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Infertile couples favour Spain and Czech Republic for treatment because of good supply of donor gametes, study shows

BMJ 2011; 343 doi: https://doi.org/10.1136/bmj.d4249 (Published 05 July 2011) Cite this as: BMJ 2011;343:d4249
  1. Clare Dyer
  1. 1BMJ

People from the UK who travel abroad for infertility treatment are motivated mainly by the shortage of UK donor gametes, the high cost of treatment and previous unsatisfactory care they experienced at home, and perceived better success rates abroad.

The findings come from the Transrep Project on cross border reproductive care at De Montfort University in Leicester, which interviewed 51 people who travelled abroad for treatment. They show that the media picture of “fertility tourists” who choose destinations for their holiday potential and return home with triplet pregnancies to burden the NHS is misplaced.

The project, funded by the Economic and Social Research Council and also involving researchers from Sheffield, Swansea, and Huddersfield Universities, interviewed 41 women and 10 men (the partners of 10 of the women) about their experiences. The interviewees included six single heterosexual women and one woman in a lesbian relationship.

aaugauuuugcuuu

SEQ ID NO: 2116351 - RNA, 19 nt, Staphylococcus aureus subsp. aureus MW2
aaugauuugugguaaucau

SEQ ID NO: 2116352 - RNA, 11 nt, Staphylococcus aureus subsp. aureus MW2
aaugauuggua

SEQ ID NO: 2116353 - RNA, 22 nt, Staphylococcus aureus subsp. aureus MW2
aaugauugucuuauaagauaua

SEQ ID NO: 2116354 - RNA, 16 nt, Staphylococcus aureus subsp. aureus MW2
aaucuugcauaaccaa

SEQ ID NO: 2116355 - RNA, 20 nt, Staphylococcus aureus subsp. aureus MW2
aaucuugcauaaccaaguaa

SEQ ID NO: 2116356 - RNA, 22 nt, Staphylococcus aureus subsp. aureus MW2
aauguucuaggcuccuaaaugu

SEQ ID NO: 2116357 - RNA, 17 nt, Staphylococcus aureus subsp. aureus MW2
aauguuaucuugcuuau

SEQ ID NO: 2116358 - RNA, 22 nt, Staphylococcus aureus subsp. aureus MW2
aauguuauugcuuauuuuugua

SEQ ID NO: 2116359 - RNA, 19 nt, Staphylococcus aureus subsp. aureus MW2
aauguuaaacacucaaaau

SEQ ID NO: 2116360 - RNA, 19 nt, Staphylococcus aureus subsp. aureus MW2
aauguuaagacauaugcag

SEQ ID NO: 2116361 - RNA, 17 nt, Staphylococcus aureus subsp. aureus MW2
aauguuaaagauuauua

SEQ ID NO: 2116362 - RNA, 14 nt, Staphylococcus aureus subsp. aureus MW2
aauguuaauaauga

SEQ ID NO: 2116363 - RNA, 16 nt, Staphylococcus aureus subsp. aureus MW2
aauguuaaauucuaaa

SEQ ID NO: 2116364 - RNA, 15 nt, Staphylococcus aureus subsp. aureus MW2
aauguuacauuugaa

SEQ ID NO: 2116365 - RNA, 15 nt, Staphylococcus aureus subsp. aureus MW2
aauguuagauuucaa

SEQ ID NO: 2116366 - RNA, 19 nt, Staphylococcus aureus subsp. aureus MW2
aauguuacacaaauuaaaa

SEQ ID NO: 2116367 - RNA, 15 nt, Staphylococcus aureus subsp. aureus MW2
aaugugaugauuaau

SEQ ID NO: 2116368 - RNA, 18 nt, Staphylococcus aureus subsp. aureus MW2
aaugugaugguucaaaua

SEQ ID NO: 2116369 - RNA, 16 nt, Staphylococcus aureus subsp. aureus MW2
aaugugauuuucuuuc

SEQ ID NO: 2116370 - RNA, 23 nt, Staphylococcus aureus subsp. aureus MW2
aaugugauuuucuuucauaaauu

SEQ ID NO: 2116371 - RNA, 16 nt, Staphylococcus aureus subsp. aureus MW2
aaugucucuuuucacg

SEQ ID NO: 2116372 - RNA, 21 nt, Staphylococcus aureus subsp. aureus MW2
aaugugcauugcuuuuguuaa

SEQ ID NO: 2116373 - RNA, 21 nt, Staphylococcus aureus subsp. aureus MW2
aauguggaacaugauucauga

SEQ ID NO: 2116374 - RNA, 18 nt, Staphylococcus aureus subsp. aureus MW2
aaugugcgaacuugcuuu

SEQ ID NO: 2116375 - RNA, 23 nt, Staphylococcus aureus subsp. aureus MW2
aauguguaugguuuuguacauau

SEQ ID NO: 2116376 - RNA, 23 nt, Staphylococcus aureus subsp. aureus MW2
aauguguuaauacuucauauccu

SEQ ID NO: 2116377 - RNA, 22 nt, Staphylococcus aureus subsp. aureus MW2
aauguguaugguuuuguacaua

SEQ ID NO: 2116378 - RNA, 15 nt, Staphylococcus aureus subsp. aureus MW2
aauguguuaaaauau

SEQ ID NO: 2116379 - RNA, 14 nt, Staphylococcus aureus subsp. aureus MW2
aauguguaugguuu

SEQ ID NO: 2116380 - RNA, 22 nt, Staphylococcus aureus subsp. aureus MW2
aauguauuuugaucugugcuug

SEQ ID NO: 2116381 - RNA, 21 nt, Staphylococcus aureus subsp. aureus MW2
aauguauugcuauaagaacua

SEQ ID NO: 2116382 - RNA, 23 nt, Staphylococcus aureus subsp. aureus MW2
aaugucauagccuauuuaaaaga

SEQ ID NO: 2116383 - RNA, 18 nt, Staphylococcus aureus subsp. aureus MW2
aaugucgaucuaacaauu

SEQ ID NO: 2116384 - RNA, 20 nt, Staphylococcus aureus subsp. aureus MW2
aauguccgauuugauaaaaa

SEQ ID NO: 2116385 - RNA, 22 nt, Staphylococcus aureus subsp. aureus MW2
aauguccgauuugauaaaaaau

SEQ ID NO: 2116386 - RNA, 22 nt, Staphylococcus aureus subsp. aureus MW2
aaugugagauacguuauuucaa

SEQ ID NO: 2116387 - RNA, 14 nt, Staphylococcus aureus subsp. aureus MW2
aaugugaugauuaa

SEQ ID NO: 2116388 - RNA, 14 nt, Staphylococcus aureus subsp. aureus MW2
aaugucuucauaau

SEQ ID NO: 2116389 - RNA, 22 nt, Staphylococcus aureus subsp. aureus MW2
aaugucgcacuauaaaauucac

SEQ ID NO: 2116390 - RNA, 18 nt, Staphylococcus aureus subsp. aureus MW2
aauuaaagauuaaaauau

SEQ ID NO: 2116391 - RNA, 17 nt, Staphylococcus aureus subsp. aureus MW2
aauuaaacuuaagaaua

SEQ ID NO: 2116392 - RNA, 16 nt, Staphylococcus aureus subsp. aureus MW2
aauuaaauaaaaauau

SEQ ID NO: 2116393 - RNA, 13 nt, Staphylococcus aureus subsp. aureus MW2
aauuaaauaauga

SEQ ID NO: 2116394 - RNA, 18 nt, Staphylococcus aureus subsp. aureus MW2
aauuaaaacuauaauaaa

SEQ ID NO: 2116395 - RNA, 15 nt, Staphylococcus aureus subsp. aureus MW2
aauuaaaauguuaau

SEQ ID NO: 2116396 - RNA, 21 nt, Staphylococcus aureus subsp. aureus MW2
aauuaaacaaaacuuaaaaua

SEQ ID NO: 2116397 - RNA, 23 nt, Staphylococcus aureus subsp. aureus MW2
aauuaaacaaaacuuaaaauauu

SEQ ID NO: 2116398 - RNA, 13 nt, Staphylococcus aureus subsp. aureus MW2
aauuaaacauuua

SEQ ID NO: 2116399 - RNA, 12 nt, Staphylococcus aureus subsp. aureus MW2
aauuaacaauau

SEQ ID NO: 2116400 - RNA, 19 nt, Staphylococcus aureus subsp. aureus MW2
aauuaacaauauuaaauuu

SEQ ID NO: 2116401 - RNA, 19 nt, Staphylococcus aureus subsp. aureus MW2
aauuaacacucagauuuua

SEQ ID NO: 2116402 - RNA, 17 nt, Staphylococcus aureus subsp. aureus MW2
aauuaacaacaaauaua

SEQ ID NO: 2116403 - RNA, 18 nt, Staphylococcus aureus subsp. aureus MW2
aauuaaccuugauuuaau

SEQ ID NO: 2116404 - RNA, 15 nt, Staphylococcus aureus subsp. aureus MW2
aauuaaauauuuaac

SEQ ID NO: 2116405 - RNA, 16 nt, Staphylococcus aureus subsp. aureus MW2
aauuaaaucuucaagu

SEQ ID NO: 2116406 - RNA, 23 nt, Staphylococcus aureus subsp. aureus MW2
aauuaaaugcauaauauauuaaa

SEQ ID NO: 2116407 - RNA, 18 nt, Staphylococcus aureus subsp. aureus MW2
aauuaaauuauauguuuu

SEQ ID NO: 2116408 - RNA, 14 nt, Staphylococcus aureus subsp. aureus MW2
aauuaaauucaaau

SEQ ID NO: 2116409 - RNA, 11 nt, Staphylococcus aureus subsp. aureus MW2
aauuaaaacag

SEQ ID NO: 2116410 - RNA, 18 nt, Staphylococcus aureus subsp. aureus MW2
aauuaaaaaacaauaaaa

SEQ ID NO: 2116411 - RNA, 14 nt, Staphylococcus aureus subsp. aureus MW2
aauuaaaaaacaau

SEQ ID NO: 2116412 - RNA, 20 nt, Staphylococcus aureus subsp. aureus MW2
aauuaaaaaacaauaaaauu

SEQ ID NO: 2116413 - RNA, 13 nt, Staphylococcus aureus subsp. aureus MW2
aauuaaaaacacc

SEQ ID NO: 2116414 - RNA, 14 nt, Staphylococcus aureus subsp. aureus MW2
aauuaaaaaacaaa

They chose 13 different countries for their treatment. The largest group, 18, selected Spain, with the Czech Republic, chosen by eight, the next most popular. Third in popularity, with five choosing to go there, was the US.

In 19 of the 41 cases, donor eggs were needed, and in Spain and the Czech Republic donors are plentiful and waiting times short.

Among the 41 cases there were 32 pregnancies, with six women having more than one pregnancy as a result of treatment abroad. Six pregnancies resulted in twins but there were no triplets or higher order births.

For some, the anonymity of donors in countries such as Spain, the Czech Republic, or the Ukraine, was important. For others, access to more extensive information about donors, as in the US, was an advantage—not to create a designer baby but to try to maximise the physical resemblance between parent and child.

The interviewees’ experience of treatment abroad was broadly positive, although some experienced negative reactions from UK health professionals and difficulty obtaining the scans, drugs, and blood tests they needed in the UK both before and after their treatment abroad.

In the UK, removal of anonymity for donors and a £250 (€276; $400) cap on the payment that can be made to egg donors (for loss of earnings) have been blamed for the shortage of donors. The researchers make a range of recommendations to safeguard patients travelling abroad for treatment and to reduce the need to go abroad, including a new strategy for donor recruitment.

Notes

Cite this as: BMJ 2011;343:d4249

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